Shane Lowry: Time taken to take stock of a season of plenty
All main goals set at the start of year already achieved so it was good time to get break
“I’ll be honest: wins are everything in golf. No-one plays to finish in the top-five, or to finish second or third. You would definitely swap a lot of good finishes for a win, so I think it has been a pretty successful year so far in that regards.” Photograph: Andrew Redington/Getty Images.
I’ve seen quite a bit of the Atlantic Ocean these past couple of weeks, whether it has been standing on sand banks off Portugal or looking out from Mizen Head into the wild waters off the west Cork coast. In a way, though, there’s no harm at all having time off. It is nice to get away, to relax and unwind, and to take stock of what way the season so far has worked out for me.
For the most part, I have achieved quite a lot of the targets I set out with at the start of the year. In fact, there’s hardly any better way to judge how well you’re doing than to listen to your own and being at Croke Park for last Sunday’s football semi-final was a case in point.
I’d got home from the PGA on the previous Monday – my mam and dad came up to see me in Dublin that evening – and I was gone on holidays to Portugal on Tuesday. We’d a lovely time. I got back home on Saturday night, which allowed me to get to Croke Park the next day, and, since then, we have spent the last few days driving around on holidays here in Ireland.
It was good to get to Croker too. I only got into the stadium half an hour before the throw-in for the Kerry-Tyrone match on Sunday, which is unusually late for me, but for a good reason. There was a lot of time spent being stopped to stand into photos and what have you. I’m getting used to being recognised but this was more than the normal – obviously after the win in Akron – and I must say it is really nice to feel that support coming from people.
My win in the WGC-Bridgestone Invitational was massive for me, opening so many new doors going forward and changing my career path, but I’ve done my best to keep the celebrations as low key as I could, not making too big a fuss of it.
I was having breakfast with Wendy the other morning and I said to her I almost feel guilty in not playing for five or six weeks at this time of the year. But there is not much I can do about it. I’m disappointed at not being in the Barclays for the start of the FedEx Cup this week but that’s the way it is, rules are rules, and I will be there next year.
There are a few tournaments in Europe at this time of the year but it kind of makes sense for me not to play, and to use the time in other ways. I’ll be out again for the Dunhill Links. So, it was nice to get holidays away in Portugal last week and at home this week. From next week, I will get stuck into it again with Robbie Cannon, my fitness expert, and my coach Neil Manchip and get ready for the rest of the season.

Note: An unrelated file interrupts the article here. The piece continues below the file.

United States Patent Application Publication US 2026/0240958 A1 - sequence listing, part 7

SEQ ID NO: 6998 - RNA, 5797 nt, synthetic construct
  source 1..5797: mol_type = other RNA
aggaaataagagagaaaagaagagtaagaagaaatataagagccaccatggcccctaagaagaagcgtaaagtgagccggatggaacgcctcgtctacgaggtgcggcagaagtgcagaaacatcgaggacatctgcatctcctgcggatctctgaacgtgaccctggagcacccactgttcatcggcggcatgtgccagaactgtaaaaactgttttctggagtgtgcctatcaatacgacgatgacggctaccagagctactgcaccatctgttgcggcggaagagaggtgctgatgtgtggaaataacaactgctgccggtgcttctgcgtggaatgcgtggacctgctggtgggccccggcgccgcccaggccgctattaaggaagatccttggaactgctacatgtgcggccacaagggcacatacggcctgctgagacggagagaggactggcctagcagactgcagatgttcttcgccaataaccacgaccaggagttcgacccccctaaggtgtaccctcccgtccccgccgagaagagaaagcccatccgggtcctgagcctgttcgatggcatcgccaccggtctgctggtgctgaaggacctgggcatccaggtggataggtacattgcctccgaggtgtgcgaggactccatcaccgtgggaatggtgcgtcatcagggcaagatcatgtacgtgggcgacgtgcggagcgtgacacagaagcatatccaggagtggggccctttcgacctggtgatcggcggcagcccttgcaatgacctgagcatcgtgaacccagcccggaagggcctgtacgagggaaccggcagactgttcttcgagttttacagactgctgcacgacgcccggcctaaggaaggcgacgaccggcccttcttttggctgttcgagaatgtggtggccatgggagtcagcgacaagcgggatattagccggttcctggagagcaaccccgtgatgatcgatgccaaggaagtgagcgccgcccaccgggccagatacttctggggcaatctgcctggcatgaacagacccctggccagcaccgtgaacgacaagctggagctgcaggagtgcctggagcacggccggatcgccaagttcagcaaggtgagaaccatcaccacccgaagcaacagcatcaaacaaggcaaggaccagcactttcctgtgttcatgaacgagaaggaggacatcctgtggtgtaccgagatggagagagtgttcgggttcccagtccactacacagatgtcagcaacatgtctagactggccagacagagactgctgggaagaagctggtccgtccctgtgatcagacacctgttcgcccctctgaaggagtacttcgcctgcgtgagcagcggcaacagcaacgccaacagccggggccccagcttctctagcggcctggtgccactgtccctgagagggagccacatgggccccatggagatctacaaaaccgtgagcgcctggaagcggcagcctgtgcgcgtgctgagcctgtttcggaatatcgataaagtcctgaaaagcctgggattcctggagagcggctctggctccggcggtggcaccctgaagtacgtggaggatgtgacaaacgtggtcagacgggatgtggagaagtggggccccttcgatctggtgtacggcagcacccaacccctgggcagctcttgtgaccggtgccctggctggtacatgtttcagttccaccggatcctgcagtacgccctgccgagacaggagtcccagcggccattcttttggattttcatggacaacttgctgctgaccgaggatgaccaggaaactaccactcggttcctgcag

Looking back on the past number of months, the thing that actually stands out to me is missing the cut by just one shot in three of the Majors. I’m always fairly hard on myself, and that’s a statistic that’s hard to take. Especially The Open at St Andrews, because I felt I was playing quite well going there and felt I had a chance of doing well. To miss by a shot was disappointing. But, obviously, if I’d known what was around the corner, winning the Bridgestone, I don’t think I would have been too disappointed.
I’ll be honest: wins are everything in golf. No-one plays to finish in the top-five, or to finish second or third. You would definitely swap a lot of good finishes for a win, so I think it has been a pretty successful year so far in that regards. I’ve done pretty much everything I set out to achieve. My PGA Tour card. I’ve won another tournament. I’m well inside the world’s top-50. They were all my main goals.
So I’ve this time off for another few weeks and it is about trying to refocus and reset a few targets and using the time to get going for the rest of the season. As far as I’m concerned, it is important not to live off that Bridgestone win. It is important to kick on.
I’m looking forward to getting back to work with Neil. In mentioning him, it is worth congratulating him and the GUI on what is a brilliant achievement in Ireland getting five players onto the Walker Cup team for Lytham in a couple of weeks’ time.
I’ve got to know all five players. I’ve played a few rounds with Paul Dunne, played a round with Gary Hurley – who is friendly with my brother Alan – before I headed off to Akron and he went to the European Amateurs and I’ve met Jack Hume and Cormac Sharvin and Gavin Moynihan a few times.
Not sure if they’re all turning pro this year, after the Walker Cup, but they’re good players and quite capable of doing well. I hope they all do well in the Walker Cup and it’ll be interesting to see what they can do after that.